A powerful U.S. Senate panel is calling on the U.S. Department of Veterans Affairs (VA) to facilitate medical marijuana access for veterans and explore the therapeutic potential of psychedelics. They’re also asking the U.S. Department of Agriculture (USDA) to take steps to promote the hemp industry and cannabis genetics research.
Reports attached to 2024 Fiscal Year spending bills that recently advanced through the Senate Appropriations Committee touch on a number of cannabis issues. The text was released days after the panel approved the underlying legislation, including one bill that was amended to allow VA doctors to discuss and recommend medical marijuana to patients living in legal states.
Accordingly, the Military Construction, Veterans Affairs, and Related Agencies appropriations report includes a section that directs VA to “make appropriate recommendations, complete forms, or take other actions to facilitate a veteran’s decision to participate in such programs approved by a State and document it appropriately, to the extent allowable under Federal law.”
It also notes that the spending bill itself includes language “prohibiting the use of funds to interfere with the ability of veterans to participate in State-approved medicinal cannabis programs or deny service to such veterans.”
Another section of the report discusses the “increased interest in studying psychedelic therapies and their potential therapeutic effects for veterans.”
The committee implored VA to “explore opportunities to assist with privately-funded research programs to evaluate the efficacy of psychedelic therapies in treating PTSD, major depressive disorder, and other serious mental health conditions.”
A separate report for the Agriculture, Rural Development, Food and Drug Administration, and Related Agencies appropriations measure features several hemp-related provisions.
For example, there’s a section that encourages USDA’s Agricultural Research Service (ARS) to carry out “biotechnology and genomics research” in partnership with academic institutions to “elucidate the genetic control of key production and product quality traits in hemp to facilitate cultivar development.”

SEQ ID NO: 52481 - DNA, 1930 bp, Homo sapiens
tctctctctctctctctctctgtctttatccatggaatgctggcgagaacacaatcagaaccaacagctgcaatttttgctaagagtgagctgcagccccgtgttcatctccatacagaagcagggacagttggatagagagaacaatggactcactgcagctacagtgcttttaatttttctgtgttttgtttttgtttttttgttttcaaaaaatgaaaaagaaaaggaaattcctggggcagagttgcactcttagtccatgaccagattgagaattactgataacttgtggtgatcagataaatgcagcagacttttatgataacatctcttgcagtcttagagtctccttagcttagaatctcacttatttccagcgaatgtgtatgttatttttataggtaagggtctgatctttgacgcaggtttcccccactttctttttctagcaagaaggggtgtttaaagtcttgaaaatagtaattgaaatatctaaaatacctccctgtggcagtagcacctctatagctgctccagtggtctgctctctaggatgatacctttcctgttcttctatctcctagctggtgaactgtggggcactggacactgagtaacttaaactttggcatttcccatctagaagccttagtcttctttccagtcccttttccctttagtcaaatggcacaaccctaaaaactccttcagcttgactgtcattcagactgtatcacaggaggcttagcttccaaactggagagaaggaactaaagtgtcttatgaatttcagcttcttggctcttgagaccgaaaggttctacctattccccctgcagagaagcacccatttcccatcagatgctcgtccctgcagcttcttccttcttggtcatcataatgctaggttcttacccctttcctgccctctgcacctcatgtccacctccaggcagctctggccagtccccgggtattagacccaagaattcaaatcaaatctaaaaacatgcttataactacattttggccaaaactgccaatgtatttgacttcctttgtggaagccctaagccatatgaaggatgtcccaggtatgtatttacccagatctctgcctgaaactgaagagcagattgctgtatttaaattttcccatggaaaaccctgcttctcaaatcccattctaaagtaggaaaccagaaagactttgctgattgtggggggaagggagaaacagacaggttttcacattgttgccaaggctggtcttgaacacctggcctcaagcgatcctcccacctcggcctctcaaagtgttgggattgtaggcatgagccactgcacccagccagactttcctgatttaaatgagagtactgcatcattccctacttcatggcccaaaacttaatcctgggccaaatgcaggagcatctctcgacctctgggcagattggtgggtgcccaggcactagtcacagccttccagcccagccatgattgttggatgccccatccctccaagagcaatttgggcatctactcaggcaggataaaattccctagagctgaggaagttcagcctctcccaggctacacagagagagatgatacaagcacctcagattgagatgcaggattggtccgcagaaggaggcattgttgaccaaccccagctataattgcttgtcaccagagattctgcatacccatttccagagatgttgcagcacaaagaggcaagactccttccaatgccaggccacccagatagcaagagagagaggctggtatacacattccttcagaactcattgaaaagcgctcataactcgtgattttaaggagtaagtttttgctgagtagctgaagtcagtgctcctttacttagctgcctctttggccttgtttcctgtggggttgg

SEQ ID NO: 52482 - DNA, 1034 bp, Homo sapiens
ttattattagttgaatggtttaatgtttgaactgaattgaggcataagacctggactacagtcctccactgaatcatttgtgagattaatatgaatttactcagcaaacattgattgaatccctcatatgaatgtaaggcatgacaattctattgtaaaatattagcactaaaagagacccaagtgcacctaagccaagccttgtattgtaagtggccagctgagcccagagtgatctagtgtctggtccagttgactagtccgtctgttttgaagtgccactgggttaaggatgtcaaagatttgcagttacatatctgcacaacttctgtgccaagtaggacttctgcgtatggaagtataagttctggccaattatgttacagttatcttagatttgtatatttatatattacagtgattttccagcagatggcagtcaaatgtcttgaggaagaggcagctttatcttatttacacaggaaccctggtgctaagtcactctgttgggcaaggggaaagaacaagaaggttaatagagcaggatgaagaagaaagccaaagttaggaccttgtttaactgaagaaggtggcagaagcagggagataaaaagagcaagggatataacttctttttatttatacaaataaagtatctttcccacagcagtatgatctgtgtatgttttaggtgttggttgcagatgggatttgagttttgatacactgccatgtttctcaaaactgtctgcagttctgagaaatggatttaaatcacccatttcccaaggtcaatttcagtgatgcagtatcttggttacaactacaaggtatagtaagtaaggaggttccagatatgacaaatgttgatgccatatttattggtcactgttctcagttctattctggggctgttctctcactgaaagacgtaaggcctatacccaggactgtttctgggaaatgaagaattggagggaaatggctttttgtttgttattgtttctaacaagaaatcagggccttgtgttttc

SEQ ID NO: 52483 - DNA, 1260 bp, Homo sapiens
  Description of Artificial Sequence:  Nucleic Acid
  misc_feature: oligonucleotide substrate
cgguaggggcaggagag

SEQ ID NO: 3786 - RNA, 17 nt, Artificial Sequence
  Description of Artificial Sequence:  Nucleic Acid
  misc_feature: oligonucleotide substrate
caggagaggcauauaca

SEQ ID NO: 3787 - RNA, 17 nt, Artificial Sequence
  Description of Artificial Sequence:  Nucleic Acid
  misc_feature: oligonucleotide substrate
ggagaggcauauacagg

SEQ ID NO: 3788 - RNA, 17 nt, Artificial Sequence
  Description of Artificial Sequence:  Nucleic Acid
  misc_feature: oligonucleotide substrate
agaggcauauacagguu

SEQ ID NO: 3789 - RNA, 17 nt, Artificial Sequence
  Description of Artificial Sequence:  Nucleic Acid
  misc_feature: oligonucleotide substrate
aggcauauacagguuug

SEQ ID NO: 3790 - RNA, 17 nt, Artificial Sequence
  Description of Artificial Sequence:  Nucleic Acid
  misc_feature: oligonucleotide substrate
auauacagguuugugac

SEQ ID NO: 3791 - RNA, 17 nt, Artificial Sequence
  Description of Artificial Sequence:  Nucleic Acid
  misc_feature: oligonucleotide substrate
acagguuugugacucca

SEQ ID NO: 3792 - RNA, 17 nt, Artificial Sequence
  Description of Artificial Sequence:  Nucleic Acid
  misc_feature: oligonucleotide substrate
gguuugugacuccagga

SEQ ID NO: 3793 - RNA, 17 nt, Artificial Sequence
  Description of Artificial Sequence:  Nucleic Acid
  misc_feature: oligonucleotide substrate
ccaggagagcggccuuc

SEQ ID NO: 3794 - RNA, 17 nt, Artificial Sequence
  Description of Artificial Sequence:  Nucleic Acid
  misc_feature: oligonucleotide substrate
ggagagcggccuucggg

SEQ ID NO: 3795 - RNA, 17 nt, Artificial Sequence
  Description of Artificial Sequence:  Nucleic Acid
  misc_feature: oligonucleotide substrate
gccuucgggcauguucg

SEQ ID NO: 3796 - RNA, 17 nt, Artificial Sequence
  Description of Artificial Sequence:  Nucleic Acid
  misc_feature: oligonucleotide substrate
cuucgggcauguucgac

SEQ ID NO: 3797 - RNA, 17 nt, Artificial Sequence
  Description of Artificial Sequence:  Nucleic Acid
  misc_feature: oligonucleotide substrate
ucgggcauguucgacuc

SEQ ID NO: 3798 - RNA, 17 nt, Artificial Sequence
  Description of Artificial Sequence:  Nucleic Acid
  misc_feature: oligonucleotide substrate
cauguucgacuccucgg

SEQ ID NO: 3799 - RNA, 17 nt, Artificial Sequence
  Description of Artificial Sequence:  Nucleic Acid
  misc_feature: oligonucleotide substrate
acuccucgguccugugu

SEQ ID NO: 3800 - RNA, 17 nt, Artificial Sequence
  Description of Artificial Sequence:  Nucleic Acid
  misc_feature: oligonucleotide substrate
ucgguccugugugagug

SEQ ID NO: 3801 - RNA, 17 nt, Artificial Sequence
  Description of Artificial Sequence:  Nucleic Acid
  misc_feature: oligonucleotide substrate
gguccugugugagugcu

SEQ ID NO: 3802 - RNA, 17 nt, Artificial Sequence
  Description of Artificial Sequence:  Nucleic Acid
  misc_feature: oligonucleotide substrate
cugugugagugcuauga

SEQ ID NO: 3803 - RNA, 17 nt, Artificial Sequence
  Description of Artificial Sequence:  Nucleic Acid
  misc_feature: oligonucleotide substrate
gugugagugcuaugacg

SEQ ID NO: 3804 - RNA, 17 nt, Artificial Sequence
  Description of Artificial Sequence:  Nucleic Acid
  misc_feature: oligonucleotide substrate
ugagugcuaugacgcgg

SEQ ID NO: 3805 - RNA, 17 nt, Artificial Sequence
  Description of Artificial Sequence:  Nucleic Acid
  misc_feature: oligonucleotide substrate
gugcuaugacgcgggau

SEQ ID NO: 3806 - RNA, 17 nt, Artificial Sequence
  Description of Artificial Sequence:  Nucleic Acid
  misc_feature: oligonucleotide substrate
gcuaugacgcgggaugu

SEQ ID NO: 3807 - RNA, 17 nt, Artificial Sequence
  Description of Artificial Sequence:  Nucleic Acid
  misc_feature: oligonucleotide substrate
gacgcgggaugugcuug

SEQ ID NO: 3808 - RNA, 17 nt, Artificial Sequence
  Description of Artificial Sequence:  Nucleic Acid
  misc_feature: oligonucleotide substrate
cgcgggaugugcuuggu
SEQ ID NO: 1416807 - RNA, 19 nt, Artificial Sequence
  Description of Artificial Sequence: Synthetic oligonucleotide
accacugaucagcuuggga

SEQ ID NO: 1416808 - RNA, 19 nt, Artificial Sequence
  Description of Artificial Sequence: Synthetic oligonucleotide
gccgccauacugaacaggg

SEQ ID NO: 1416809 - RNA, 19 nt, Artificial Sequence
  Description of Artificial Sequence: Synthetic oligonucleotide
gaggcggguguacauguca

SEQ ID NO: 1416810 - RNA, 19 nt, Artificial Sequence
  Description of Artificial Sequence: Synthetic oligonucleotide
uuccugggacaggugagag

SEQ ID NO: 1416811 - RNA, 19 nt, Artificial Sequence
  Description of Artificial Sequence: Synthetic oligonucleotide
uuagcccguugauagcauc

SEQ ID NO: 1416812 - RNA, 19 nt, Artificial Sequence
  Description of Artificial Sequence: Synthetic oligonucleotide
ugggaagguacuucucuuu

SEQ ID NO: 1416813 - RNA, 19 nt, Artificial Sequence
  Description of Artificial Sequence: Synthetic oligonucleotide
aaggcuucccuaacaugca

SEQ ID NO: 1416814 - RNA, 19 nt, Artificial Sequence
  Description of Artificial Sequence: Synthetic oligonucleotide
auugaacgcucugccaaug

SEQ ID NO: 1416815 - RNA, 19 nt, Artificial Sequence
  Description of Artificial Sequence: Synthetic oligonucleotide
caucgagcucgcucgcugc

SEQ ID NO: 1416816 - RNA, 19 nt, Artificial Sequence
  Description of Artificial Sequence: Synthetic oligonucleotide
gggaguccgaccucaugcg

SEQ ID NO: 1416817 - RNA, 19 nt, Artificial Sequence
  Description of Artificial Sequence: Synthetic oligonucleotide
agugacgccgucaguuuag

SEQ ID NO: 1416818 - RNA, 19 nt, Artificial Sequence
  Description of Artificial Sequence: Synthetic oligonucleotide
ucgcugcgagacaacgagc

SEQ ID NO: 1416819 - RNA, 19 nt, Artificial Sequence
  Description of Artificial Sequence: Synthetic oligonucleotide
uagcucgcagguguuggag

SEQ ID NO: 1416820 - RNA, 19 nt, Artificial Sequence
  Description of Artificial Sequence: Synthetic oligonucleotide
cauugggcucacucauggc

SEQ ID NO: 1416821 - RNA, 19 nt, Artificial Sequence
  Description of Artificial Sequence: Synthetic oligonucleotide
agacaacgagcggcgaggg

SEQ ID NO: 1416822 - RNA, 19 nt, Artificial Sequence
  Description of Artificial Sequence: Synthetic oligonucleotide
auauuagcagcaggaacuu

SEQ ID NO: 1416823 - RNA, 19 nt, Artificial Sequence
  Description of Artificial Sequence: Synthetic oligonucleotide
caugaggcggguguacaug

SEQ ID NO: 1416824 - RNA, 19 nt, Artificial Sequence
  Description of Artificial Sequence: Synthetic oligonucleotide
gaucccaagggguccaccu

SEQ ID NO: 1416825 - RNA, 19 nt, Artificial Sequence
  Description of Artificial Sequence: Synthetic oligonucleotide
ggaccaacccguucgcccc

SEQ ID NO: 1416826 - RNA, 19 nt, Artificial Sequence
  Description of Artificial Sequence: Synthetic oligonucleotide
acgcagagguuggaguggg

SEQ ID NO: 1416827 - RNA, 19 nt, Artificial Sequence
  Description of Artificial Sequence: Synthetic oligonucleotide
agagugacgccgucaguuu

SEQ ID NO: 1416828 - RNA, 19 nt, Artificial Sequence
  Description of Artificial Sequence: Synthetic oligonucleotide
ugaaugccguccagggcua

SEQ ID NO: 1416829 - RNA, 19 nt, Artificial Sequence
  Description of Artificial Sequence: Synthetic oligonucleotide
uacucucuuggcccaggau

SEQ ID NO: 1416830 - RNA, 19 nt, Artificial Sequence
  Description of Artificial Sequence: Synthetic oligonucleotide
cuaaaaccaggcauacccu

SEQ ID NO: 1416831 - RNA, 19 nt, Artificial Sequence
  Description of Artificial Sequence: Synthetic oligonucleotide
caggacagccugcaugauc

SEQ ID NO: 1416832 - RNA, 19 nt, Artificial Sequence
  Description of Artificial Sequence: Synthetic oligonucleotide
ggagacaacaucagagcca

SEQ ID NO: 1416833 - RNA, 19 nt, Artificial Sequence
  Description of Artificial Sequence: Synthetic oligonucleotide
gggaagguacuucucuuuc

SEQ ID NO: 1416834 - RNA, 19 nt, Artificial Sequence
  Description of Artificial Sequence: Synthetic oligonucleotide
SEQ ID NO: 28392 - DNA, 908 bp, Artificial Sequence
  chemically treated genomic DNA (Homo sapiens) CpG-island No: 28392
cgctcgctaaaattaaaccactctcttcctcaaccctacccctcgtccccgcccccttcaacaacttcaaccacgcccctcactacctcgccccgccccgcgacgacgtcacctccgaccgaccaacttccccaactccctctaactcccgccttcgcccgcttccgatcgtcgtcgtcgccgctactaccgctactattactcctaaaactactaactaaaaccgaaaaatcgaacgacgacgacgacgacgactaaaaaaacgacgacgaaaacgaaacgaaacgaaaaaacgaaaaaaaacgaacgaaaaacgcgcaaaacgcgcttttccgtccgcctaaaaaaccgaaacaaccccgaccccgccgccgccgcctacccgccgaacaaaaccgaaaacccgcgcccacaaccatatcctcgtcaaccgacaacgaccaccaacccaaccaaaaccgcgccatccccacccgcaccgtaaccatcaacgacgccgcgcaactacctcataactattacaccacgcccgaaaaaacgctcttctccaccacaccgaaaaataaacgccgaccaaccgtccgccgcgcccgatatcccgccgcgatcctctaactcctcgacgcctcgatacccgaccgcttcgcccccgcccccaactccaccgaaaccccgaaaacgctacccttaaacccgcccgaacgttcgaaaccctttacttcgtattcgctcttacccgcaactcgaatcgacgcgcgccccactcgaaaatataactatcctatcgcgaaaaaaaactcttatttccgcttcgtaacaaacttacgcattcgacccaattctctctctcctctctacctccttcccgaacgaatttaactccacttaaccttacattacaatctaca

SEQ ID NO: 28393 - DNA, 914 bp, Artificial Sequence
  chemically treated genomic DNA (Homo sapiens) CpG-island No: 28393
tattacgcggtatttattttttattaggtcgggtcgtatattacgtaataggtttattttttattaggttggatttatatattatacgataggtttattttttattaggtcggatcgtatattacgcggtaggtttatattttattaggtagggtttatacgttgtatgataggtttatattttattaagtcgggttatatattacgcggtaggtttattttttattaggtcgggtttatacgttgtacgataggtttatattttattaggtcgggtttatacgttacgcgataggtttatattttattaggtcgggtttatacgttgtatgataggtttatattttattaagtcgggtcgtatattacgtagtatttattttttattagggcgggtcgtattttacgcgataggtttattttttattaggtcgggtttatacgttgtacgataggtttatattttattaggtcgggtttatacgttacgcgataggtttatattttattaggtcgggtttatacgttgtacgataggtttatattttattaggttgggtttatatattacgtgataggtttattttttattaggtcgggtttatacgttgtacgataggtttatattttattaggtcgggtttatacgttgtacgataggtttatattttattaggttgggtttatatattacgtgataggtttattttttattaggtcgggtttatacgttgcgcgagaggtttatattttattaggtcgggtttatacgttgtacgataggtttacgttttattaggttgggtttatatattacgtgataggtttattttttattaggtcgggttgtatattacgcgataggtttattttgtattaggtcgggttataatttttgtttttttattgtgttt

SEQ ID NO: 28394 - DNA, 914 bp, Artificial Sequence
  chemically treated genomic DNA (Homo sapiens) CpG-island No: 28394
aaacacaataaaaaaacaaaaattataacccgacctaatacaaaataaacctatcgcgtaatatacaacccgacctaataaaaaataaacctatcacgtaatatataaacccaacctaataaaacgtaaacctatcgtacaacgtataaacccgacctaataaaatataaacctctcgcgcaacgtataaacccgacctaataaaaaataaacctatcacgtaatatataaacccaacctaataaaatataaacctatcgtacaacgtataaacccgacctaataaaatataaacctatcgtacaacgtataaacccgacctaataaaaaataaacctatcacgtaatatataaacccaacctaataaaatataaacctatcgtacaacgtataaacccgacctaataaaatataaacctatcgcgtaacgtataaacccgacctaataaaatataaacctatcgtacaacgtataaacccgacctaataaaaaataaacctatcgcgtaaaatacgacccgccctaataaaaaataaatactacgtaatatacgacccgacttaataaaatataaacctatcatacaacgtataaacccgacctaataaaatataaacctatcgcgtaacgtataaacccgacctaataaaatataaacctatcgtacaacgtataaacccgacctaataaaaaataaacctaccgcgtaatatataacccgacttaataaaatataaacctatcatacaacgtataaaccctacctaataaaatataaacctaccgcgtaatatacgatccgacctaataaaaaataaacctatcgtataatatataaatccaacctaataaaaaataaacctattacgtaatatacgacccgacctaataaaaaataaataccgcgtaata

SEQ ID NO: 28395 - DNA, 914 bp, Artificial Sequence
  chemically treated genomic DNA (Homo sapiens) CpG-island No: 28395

Appropriators are also providing at least the same level of funding as in the 2023 Fiscal Year to support collaboration between USDA and capable institutions to conduct research that focuses on improving hemp genetics through “new breeding and editing techniques.”
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The committee’s report further says that it “recognizes the increasing demand for hemp for a variety of uses and its growing importance as a crop for U.S. farmers.”
Because the germplasm for hemp was “destroyed” in the 1980s, senators said that “researchers lost access to publicly available germplasm for plant breeding purposes.” And in an effort to address that problem, the report says it will again provide funding for USDA’s ARS to maintain a “hemp germplasm repository at the Plant Genetics Resources Research Unit.”
It also urges ARS and the research unit to “partner with 1890 institutions that have existing institutional capacity on hemp germplasm research, education, and extension capabilities.”
Another section of the report says that the “Committee recognizes the emerging market potential for U.S. hemp and hemp-based products for a variety of uses.”
“The Committee directs ARS to conduct regionally-driven research, development, and stakeholder engagement to improve agronomic and agro-economic understanding of effectively integrating hemp into existing agricultural cropping, processing, and marketing systems,” it says. “The Committee provides no less than the fiscal year 2023 level for this purpose. Research, engagement, and technology transfer shall be conducted in strict accordance with all applicable Federal and State authorities and regulations.”
Finally, the report says that, in recognition of the expanding interest into hemp, the committee is directing the administrative Farm Credit Administration to “work with the institutions under its jurisdiction to provide access to guaranteed loans for hemp producers and businesses.”
Meanwhile, on the House side, a congressional committee recently approved a large-scale defense bill that includes GOP-led provisions to create a medical marijuana “pilot program” and require a study into the therapeutic potential of psychedelics for active duty military members under the U.S. Department of Defense (DOD).
Photo courtesy of Mike Latimer.